Few days after the Lagos State Government announced a new guideline designed for ride-hailing operations in the state, one of the major operators, Uber, has picked holes in the guideline.
While the ride-hailing firm admitted that it is the responsibility of the government to regulate the industry and ensure operational allignment, it stated that such regulations are expected to support innovative technology ideas that fit the 21st-century businesses.
This was disclosed by a spokesperson for Uber, who replied Nairametrics’ emailed enquiry but pleaded anonymity.
The Backstory: Under the new regulatory framework by the state which will take effect from August 20, 2020, ride-sharing companies would be required to pay the Lagos State Government a 10% service tax on each transaction. Part of the framework said:
“Operators must also pay a provisional license of N10,000,000.00 for every 1000 cars in their unit and N25,000,000.00 for every unit above 1000 cars.
“Annual renewal of the license would cost N5,000,000.00 for every unit of 1000 cars and N10,000,000.00 for units with over a thousand cars in operations.”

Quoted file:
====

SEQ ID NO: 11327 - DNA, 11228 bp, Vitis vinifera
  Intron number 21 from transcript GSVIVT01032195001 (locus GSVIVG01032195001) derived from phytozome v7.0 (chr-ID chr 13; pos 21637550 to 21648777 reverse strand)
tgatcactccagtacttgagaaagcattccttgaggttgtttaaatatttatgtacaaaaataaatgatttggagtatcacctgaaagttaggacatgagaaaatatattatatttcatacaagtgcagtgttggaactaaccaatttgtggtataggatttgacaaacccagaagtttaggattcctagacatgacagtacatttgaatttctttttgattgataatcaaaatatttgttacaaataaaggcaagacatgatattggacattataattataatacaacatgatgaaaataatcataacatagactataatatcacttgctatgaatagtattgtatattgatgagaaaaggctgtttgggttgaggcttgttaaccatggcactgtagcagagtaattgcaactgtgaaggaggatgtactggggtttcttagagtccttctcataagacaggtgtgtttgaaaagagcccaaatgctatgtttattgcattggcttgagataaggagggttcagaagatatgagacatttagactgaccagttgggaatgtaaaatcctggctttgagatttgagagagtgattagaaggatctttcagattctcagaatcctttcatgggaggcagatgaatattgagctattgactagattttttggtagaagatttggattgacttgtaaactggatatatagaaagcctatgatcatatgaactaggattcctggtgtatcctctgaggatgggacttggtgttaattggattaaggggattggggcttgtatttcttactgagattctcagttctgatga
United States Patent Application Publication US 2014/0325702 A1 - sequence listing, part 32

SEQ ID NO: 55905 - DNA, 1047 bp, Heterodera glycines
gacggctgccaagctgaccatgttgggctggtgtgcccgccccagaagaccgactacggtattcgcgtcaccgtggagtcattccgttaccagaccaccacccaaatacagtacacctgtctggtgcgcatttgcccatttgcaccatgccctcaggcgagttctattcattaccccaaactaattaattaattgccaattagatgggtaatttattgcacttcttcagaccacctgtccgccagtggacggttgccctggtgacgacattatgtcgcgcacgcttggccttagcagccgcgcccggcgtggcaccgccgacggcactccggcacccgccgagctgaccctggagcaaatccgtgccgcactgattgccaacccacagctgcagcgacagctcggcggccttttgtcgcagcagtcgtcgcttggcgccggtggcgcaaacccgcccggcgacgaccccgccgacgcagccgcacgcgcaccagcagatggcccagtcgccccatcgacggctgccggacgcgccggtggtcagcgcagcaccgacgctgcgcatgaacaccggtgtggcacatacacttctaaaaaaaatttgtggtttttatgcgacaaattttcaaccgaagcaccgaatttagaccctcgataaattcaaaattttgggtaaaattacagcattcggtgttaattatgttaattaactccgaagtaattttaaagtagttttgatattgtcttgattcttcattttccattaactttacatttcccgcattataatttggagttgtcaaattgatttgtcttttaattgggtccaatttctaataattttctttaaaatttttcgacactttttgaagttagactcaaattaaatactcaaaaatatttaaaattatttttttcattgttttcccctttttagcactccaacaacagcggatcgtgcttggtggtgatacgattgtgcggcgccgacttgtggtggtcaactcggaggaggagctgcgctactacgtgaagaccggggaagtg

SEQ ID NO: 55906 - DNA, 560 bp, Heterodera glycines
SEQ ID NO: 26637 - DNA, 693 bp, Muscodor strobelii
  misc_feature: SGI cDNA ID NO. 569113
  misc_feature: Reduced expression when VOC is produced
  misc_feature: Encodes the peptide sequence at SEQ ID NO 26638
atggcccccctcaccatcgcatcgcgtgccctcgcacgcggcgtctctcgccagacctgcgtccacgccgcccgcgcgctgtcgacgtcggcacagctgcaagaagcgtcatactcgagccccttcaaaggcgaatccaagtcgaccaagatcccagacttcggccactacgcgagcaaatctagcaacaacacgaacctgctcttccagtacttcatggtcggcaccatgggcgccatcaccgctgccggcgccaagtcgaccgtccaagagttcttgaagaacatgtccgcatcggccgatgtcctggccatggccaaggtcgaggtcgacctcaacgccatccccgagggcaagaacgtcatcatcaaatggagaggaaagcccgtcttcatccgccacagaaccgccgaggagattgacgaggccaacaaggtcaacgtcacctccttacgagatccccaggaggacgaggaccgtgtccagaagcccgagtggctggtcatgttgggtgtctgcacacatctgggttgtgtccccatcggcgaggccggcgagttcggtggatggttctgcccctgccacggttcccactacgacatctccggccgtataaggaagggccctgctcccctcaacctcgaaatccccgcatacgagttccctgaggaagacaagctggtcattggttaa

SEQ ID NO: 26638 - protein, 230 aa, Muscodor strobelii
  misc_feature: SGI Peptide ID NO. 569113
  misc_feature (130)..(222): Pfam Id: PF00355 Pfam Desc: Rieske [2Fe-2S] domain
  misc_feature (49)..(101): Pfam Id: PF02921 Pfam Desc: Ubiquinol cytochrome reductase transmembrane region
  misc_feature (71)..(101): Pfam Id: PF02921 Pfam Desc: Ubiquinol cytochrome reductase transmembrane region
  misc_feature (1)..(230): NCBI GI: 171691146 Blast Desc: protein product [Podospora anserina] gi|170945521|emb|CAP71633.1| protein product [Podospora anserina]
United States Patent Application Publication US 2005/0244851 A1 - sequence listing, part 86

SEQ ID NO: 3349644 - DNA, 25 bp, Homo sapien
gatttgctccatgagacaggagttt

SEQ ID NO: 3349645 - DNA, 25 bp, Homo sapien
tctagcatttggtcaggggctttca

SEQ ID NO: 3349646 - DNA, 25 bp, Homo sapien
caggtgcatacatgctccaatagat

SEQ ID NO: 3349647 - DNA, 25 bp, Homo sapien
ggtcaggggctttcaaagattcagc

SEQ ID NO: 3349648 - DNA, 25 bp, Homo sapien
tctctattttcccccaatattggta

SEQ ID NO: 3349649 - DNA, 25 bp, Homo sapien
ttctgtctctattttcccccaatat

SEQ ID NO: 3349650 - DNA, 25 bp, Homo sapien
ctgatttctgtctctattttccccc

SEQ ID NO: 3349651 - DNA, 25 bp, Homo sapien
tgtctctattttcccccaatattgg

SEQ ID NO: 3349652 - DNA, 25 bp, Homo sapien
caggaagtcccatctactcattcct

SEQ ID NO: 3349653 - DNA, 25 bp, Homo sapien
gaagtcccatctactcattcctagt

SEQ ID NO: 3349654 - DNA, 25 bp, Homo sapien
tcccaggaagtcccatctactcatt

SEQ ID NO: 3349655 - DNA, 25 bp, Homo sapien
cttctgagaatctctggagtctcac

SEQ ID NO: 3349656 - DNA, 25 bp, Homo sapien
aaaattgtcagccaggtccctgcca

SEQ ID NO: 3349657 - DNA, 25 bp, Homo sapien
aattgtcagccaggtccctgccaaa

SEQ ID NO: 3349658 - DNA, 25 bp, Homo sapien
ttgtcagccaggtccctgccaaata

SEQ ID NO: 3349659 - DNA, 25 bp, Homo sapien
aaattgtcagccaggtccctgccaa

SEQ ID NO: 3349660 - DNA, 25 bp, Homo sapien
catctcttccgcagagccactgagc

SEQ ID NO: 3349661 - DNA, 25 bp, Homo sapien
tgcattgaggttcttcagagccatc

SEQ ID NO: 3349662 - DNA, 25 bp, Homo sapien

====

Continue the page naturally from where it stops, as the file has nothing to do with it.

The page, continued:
The Lagos State Government also demands access to operational database for any ride-sharing company operating in the state.
Under section 3.11 of the guidelines, Lagos State also proposes that vehicle owners must, amongst other things:
State of Vehicles to use: Where the vehicle is not new, the vehicle must be within the first three (3) years of its manufacture as specified by the manufacturer.
In their response, Uber’s spokesperson said:
“We have always been willing to engage with governments on regulations to ensure our operations align with best practices locally and internationally, as we believe regulations need to support innovative technology ideas that fit 21st-century businesses.
“The current proposed regulations are inconsistent and unclear. We are working to better understand how they will impact the future of our business and network of driver-partners. We will give an update in due course.”
What it means: If the guideline is implemented, riders may have to pay more for services rendered by the ride-hailing firms, as the companies may increase the fares to keep their heads above water.
On the type of vehicles allowed to operate by the guideline, several drivers and car owners may be frustrated out of business, a development that may push up the unemployment rate in the state.
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Note that most of the operators currently allow vehicles manufactured as late as 2004 in their fleets. But with the new directive, any vehicle manufactured earlier than 2017 would not be allowed to operate in the state.
This means drivers that would be frustrated out of business will join the teeming unemployed residents in the state at a time the nation’s economy is expected to contract in 2020.